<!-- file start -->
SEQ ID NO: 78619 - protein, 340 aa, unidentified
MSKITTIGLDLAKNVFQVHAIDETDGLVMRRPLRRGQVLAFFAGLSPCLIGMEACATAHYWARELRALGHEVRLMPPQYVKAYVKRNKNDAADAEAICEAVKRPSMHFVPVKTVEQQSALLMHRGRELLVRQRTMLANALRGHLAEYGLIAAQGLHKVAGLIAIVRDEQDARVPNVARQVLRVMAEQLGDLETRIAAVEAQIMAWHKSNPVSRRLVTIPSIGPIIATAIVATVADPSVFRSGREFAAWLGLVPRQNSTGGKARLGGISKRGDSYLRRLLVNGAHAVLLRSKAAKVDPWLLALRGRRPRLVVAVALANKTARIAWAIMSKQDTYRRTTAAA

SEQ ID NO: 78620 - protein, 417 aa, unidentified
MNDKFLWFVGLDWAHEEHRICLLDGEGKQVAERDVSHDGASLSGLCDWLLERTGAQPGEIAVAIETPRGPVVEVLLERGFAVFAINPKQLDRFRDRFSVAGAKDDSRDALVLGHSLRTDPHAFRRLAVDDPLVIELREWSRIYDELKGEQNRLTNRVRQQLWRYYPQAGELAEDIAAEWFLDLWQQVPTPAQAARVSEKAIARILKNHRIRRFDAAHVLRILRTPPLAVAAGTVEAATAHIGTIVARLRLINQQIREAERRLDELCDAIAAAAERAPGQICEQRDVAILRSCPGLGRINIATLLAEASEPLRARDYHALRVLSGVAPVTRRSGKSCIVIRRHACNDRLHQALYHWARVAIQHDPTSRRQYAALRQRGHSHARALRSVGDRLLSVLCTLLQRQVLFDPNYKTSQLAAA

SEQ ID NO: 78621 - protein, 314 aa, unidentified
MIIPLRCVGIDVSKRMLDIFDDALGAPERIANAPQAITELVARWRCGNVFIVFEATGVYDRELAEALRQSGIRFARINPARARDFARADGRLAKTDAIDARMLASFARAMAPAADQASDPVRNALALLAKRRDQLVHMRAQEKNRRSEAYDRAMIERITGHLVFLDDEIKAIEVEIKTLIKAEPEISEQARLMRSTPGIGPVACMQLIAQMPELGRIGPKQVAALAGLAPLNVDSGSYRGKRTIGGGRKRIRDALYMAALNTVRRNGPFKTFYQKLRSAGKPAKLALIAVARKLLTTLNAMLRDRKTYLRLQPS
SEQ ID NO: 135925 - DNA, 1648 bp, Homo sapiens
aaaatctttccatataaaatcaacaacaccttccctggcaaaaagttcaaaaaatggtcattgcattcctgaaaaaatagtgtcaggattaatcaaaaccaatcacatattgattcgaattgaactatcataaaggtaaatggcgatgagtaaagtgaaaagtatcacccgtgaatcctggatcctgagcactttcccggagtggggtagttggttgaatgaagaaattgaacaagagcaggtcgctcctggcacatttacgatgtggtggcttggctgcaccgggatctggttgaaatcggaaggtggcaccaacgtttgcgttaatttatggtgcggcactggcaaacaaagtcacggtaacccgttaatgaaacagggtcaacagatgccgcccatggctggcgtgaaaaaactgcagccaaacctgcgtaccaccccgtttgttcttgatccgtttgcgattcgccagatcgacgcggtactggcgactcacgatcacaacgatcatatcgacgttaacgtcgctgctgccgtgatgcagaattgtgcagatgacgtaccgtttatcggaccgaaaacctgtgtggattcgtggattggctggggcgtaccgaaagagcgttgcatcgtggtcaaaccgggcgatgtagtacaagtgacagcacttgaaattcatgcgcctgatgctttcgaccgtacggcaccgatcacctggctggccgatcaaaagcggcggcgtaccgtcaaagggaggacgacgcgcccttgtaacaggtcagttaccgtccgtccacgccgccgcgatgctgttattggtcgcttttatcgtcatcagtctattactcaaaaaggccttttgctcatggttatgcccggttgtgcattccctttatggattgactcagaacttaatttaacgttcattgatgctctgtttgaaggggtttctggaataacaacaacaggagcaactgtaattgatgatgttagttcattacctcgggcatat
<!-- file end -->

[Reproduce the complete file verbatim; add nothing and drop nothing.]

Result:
SEQ ID NO: 78619 - protein, 340 aa, unidentified
MSKITTIGLDLAKNVFQVHAIDETDGLVMRRPLRRGQVLAFFAGLSPCLIGMEACATAHYWARELRALGHEVRLMPPQYVKAYVKRNKNDAADAEAICEAVKRPSMHFVPVKTVEQQSALLMHRGRELLVRQRTMLANALRGHLAEYGLIAAQGLHKVAGLIAIVRDEQDARVPNVARQVLRVMAEQLGDLETRIAAVEAQIMAWHKSNPVSRRLVTIPSIGPIIATAIVATVADPSVFRSGREFAAWLGLVPRQNSTGGKARLGGISKRGDSYLRRLLVNGAHAVLLRSKAAKVDPWLLALRGRRPRLVVAVALANKTARIAWAIMSKQDTYRRTTAAA

SEQ ID NO: 78620 - protein, 417 aa, unidentified
MNDKFLWFVGLDWAHEEHRICLLDGEGKQVAERDVSHDGASLSGLCDWLLERTGAQPGEIAVAIETPRGPVVEVLLERGFAVFAINPKQLDRFRDRFSVAGAKDDSRDALVLGHSLRTDPHAFRRLAVDDPLVIELREWSRIYDELKGEQNRLTNRVRQQLWRYYPQAGELAEDIAAEWFLDLWQQVPTPAQAARVSEKAIARILKNHRIRRFDAAHVLRILRTPPLAVAAGTVEAATAHIGTIVARLRLINQQIREAERRLDELCDAIAAAAERAPGQICEQRDVAILRSCPGLGRINIATLLAEASEPLRARDYHALRVLSGVAPVTRRSGKSCIVIRRHACNDRLHQALYHWARVAIQHDPTSRRQYAALRQRGHSHARALRSVGDRLLSVLCTLLQRQVLFDPNYKTSQLAAA

SEQ ID NO: 78621 - protein, 314 aa, unidentified
MIIPLRCVGIDVSKRMLDIFDDALGAPERIANAPQAITELVARWRCGNVFIVFEATGVYDRELAEALRQSGIRFARINPARARDFARADGRLAKTDAIDARMLASFARAMAPAADQASDPVRNALALLAKRRDQLVHMRAQEKNRRSEAYDRAMIERITGHLVFLDDEIKAIEVEIKTLIKAEPEISEQARLMRSTPGIGPVACMQLIAQMPELGRIGPKQVAALAGLAPLNVDSGSYRGKRTIGGGRKRIRDALYMAALNTVRRNGPFKTFYQKLRSAGKPAKLALIAVARKLLTTLNAMLRDRKTYLRLQPS
SEQ ID NO: 135925 - DNA, 1648 bp, Homo sapiens
aaaatctttccatataaaatcaacaacaccttccctggcaaaaagttcaaaaaatggtcattgcattcctgaaaaaatagtgtcaggattaatcaaaaccaatcacatattgattcgaattgaactatcataaaggtaaatggcgatgagtaaagtgaaaagtatcacccgtgaatcctggatcctgagcactttcccggagtggggtagttggttgaatgaagaaattgaacaagagcaggtcgctcctggcacatttacgatgtggtggcttggctgcaccgggatctggttgaaatcggaaggtggcaccaacgtttgcgttaatttatggtgcggcactggcaaacaaagtcacggtaacccgttaatgaaacagggtcaacagatgccgcccatggctggcgtgaaaaaactgcagccaaacctgcgtaccaccccgtttgttcttgatccgtttgcgattcgccagatcgacgcggtactggcgactcacgatcacaacgatcatatcgacgttaacgtcgctgctgccgtgatgcagaattgtgcagatgacgtaccgtttatcggaccgaaaacctgtgtggattcgtggattggctggggcgtaccgaaagagcgttgcatcgtggtcaaaccgggcgatgtagtacaagtgacagcacttgaaattcatgcgcctgatgctttcgaccgtacggcaccgatcacctggctggccgatcaaaagcggcggcgtaccgtcaaagggaggacgacgcgcccttgtaacaggtcagttaccgtccgtccacgccgccgcgatgctgttattggtcgcttttatcgtcatcagtctattactcaaaaaggccttttgctcatggttatgcccggttgtgcattccctttatggattgactcagaacttaatttaacgttcattgatgctctgtttgaaggggtttctggaataacaacaacaggagcaactgtaattgatgatgttagttcattacctcgggcatat